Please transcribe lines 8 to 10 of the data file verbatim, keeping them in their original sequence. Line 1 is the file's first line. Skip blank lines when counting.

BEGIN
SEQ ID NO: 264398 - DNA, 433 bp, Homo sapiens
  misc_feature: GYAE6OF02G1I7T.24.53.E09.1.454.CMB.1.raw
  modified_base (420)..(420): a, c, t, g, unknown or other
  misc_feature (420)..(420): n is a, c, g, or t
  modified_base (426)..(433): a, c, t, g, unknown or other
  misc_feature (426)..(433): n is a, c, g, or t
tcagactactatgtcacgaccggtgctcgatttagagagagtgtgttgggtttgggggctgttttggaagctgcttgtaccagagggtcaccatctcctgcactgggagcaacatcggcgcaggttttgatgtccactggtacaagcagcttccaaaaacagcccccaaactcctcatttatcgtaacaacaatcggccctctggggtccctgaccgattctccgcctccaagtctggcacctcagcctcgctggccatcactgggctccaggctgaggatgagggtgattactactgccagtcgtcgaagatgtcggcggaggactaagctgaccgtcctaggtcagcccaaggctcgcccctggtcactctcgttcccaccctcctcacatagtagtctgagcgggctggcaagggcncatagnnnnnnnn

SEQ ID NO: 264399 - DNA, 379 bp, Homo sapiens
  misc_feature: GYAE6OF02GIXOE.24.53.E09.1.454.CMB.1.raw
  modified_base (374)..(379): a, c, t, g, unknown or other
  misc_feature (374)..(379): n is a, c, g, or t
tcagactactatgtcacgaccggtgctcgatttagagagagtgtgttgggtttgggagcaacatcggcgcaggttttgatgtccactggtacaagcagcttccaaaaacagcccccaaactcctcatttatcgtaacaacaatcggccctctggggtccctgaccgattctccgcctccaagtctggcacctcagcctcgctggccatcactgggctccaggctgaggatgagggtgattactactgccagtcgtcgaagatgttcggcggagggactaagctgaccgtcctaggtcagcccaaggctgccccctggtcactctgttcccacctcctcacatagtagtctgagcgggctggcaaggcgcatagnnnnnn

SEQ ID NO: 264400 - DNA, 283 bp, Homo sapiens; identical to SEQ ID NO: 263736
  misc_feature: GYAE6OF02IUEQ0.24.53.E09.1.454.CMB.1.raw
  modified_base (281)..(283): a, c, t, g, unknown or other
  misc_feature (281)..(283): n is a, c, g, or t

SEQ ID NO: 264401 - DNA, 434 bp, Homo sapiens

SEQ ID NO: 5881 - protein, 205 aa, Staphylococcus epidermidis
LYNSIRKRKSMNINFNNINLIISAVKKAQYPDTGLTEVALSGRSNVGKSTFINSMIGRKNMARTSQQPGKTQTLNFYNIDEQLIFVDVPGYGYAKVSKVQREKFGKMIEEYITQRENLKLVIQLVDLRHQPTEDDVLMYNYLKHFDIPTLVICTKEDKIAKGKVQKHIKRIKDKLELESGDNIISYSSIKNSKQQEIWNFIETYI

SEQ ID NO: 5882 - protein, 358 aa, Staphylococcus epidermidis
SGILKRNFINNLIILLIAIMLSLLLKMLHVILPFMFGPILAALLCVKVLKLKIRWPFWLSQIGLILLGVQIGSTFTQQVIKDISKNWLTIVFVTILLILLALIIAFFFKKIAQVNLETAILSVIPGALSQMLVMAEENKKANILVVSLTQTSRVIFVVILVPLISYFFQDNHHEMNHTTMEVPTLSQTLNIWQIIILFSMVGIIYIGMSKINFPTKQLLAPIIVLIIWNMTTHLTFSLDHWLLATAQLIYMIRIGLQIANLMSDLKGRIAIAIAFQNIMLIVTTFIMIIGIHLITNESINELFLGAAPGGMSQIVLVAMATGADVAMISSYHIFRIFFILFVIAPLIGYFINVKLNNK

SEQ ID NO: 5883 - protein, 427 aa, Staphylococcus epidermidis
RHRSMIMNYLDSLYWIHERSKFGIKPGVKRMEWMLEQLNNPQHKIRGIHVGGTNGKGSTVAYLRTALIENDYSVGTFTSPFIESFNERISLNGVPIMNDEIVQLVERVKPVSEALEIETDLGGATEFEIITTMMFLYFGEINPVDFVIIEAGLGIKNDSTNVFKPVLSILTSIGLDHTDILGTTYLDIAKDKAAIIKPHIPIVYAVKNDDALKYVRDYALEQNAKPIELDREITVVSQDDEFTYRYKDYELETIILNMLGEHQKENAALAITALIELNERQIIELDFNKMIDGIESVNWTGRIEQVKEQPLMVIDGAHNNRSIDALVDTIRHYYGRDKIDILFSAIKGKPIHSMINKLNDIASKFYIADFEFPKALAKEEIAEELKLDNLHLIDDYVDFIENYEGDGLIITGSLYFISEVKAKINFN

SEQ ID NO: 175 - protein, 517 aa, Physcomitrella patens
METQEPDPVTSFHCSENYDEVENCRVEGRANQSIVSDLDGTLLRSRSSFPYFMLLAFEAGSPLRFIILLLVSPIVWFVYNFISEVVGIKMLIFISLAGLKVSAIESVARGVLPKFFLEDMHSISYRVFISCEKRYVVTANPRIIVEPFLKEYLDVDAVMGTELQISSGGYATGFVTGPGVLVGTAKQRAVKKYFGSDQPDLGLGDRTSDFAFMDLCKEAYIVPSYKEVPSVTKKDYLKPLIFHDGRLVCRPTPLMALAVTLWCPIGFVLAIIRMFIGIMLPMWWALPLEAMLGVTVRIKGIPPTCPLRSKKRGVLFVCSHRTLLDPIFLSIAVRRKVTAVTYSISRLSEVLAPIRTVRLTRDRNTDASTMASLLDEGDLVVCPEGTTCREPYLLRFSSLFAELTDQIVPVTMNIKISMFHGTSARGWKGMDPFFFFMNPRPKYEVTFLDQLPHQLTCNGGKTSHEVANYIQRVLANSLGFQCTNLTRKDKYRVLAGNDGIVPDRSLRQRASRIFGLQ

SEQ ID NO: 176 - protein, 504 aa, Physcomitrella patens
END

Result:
SEQ ID NO: 264399 - DNA, 379 bp, Homo sapiens
  misc_feature: GYAE6OF02GIXOE.24.53.E09.1.454.CMB.1.raw
  modified_base (374)..(379): a, c, t, g, unknown or other